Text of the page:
In 2011, a group of art historians and conservation scientists founded the Textiles, Trade and Taste: Portugal and the World project, at the CHAM (Faculdade de Ciências Sociais e Humanas, Universidade NOVA de Lisboa e Universidade dos Açores). In a first stage, this project comprised several doctoral and postdoctoral investigations funded by the Portuguese government, through the Fundação para a Ciência e Tecnologia. These aimed to trace the global circulation of textile objects and related raw materials, in the context of the Portuguese and European Overseas Expansion, from the 16th century onwards. Together, these projects came to strengthen the value of textiles held by several Portuguese and international cultural heritage institutions.
Since then, the TTT evolved into a network group that encourages the interdisciplinary combination of science, conservation and art history to provide systematic studies of textiles and their historical value. By disseminating research undertaken by its members on textiles, and other work recently accomplished by its network of contacts, the TTT aims to bring new synergies to the field of textile studies and encourage collaboration amongst international researchers and institutions.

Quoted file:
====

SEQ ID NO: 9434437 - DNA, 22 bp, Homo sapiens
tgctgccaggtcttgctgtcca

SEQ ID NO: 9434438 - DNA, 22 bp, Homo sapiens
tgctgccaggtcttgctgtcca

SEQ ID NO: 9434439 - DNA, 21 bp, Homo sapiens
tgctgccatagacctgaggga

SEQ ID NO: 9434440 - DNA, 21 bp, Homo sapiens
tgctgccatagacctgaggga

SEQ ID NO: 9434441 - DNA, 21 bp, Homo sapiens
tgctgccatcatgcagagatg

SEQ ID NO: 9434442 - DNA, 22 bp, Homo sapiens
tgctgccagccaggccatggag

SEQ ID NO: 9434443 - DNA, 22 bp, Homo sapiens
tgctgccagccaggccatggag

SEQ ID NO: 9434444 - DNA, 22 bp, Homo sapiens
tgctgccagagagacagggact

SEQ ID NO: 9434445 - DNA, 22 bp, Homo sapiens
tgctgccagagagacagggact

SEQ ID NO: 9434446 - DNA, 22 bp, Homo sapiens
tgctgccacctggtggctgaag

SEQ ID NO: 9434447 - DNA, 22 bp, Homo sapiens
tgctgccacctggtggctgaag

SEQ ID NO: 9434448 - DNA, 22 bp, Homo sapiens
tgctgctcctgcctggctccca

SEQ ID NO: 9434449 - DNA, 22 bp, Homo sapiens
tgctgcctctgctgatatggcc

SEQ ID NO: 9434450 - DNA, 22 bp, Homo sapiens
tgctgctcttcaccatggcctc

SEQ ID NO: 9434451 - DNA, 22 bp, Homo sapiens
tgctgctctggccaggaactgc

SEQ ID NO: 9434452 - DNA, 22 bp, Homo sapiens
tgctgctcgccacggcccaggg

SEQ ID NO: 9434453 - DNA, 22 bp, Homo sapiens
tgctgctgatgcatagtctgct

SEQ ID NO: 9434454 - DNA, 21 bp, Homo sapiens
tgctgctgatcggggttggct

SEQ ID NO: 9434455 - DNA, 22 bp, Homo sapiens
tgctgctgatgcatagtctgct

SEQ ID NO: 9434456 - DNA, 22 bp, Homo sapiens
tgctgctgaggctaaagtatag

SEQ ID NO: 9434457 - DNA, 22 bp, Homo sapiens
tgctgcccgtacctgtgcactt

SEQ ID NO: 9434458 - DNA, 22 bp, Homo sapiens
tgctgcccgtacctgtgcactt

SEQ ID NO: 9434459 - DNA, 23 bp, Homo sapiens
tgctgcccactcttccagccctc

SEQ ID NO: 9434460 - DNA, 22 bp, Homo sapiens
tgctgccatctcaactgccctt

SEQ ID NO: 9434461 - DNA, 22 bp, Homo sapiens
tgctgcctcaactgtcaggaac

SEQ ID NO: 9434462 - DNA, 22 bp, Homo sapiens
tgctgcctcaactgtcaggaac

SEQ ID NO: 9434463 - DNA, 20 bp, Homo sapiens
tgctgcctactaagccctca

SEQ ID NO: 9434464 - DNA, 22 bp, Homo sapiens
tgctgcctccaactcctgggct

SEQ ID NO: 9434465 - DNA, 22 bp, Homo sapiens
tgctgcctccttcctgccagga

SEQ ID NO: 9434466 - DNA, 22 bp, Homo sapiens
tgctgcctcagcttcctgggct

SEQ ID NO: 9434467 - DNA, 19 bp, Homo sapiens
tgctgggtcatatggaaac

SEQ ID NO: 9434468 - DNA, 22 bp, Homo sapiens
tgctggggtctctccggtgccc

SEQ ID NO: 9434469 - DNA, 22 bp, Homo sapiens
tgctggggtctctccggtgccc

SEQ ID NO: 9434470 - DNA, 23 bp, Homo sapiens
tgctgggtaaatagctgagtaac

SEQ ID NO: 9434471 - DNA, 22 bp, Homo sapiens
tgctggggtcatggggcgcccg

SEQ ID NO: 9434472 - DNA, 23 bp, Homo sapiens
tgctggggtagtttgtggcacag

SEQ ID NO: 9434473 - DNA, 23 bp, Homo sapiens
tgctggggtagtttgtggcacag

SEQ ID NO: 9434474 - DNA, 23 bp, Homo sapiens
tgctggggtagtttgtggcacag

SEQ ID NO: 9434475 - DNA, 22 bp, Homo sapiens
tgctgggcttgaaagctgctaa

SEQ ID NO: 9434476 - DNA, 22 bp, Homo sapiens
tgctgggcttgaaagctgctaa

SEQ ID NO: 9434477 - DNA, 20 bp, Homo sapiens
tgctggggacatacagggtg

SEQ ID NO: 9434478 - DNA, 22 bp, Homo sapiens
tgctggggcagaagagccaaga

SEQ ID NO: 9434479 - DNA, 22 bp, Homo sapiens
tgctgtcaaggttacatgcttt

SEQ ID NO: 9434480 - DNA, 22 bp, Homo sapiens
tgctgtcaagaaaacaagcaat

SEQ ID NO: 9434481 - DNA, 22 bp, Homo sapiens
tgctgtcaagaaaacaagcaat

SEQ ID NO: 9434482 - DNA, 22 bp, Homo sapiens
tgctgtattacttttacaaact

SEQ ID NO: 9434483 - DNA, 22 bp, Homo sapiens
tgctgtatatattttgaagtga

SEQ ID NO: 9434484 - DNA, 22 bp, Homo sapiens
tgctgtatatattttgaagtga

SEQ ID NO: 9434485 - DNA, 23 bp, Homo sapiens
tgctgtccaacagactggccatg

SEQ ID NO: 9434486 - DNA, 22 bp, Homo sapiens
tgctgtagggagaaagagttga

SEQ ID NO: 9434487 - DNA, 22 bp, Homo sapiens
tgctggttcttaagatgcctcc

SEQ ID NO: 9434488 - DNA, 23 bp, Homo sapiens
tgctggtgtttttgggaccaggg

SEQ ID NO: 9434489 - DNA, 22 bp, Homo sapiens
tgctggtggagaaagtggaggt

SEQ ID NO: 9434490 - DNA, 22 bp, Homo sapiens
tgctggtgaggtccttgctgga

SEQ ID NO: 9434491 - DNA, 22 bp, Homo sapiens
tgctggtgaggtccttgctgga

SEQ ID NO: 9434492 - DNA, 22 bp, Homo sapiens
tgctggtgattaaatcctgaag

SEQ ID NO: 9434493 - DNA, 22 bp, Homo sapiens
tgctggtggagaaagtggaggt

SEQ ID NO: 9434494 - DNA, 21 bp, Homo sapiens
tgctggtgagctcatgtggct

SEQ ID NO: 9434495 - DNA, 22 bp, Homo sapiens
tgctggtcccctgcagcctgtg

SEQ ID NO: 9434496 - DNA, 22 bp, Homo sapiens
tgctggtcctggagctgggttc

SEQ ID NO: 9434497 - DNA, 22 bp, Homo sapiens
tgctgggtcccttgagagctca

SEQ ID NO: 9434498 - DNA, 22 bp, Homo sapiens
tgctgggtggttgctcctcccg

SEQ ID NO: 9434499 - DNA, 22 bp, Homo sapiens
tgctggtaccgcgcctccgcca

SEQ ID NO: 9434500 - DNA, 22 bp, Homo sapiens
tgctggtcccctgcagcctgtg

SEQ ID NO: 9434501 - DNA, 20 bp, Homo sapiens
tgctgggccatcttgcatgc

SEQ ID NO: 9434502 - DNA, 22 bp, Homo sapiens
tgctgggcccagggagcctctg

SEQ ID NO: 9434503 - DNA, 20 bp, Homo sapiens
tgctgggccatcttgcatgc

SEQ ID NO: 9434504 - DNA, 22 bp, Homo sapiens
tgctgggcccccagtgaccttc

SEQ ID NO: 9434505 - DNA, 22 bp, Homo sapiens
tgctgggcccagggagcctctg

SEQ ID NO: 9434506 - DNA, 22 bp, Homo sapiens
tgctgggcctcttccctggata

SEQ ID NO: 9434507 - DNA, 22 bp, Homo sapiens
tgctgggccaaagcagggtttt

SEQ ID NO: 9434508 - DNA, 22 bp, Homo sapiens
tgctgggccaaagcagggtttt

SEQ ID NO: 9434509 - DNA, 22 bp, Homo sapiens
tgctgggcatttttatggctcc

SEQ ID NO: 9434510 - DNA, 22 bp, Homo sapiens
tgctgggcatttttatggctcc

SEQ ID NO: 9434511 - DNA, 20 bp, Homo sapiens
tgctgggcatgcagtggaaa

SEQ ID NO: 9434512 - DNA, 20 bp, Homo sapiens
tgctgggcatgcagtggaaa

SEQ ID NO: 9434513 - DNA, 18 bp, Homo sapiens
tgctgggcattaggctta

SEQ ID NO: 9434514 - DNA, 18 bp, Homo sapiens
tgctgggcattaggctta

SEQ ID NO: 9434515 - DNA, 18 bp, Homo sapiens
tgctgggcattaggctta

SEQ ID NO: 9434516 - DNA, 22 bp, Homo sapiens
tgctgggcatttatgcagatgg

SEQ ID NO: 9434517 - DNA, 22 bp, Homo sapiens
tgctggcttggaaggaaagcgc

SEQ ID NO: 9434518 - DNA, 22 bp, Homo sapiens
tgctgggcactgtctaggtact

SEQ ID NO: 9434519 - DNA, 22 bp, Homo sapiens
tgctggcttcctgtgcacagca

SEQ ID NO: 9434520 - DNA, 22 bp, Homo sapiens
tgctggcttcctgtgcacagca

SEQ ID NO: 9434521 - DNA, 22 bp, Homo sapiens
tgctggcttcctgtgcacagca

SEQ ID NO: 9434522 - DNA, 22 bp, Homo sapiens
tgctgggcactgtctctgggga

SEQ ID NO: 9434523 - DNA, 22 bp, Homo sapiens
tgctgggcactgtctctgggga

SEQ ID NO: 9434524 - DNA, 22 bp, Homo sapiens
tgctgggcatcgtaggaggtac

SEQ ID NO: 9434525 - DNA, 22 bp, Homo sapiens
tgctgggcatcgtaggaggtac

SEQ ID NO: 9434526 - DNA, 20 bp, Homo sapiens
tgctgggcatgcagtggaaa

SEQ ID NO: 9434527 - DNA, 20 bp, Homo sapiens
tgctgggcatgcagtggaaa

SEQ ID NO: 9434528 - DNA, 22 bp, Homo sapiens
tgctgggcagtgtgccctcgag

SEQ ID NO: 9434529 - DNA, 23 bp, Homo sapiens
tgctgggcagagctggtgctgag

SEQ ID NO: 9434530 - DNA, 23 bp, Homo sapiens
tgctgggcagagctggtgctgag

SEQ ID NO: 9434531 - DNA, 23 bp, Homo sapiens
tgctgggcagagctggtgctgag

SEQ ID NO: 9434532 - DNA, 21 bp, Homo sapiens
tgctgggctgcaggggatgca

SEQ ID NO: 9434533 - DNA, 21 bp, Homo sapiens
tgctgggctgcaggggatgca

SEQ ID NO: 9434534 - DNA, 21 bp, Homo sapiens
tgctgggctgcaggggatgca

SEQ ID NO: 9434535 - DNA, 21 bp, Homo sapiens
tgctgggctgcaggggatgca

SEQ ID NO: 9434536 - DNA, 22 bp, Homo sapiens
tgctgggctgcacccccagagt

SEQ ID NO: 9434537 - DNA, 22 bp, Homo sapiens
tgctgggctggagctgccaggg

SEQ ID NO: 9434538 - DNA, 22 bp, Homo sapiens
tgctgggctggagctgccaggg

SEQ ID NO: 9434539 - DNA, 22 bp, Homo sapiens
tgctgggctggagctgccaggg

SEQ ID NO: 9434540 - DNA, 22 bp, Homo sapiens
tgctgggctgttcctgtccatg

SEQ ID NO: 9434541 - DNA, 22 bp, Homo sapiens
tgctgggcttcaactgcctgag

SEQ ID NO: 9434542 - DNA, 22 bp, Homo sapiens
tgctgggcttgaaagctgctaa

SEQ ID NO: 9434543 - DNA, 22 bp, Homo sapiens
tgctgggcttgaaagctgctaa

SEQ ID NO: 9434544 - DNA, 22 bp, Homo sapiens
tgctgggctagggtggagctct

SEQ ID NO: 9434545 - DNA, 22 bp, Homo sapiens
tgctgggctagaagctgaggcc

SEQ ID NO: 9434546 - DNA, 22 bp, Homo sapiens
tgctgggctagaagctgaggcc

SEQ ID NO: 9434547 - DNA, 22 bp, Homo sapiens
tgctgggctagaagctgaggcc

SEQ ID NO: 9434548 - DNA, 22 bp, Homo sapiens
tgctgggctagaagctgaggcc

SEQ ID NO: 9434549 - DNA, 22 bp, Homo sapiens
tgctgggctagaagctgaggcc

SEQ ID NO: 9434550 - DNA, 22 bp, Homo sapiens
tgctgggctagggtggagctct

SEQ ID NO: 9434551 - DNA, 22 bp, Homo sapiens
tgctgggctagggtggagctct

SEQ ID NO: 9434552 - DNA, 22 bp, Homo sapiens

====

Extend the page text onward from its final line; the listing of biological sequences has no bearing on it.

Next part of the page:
Museums, churches and private institutions around the world house very fine and diverse collections of textile objects. In the past decades, their significance as witnesses of old cultures and the daily life of their people have been highlighted by new research methods, which have highly contributed to an increased awareness of their artistic and historical value.
Artistic and historical research of textiles has ranged from collating inventories to conducting stylistic, iconographic and archival studies, with the aim of placing these objects in their historical, artistic, technological and socio-cultural contexts. Interdisciplinary collaboration with chemical analysis has been developed as well: characterization of dyes, textile fibres or precious metal threads provides useful data, for identifying the geographical origins of raw materials and finished textiles, or to develop improved conservation treatments for their preservation for future generations.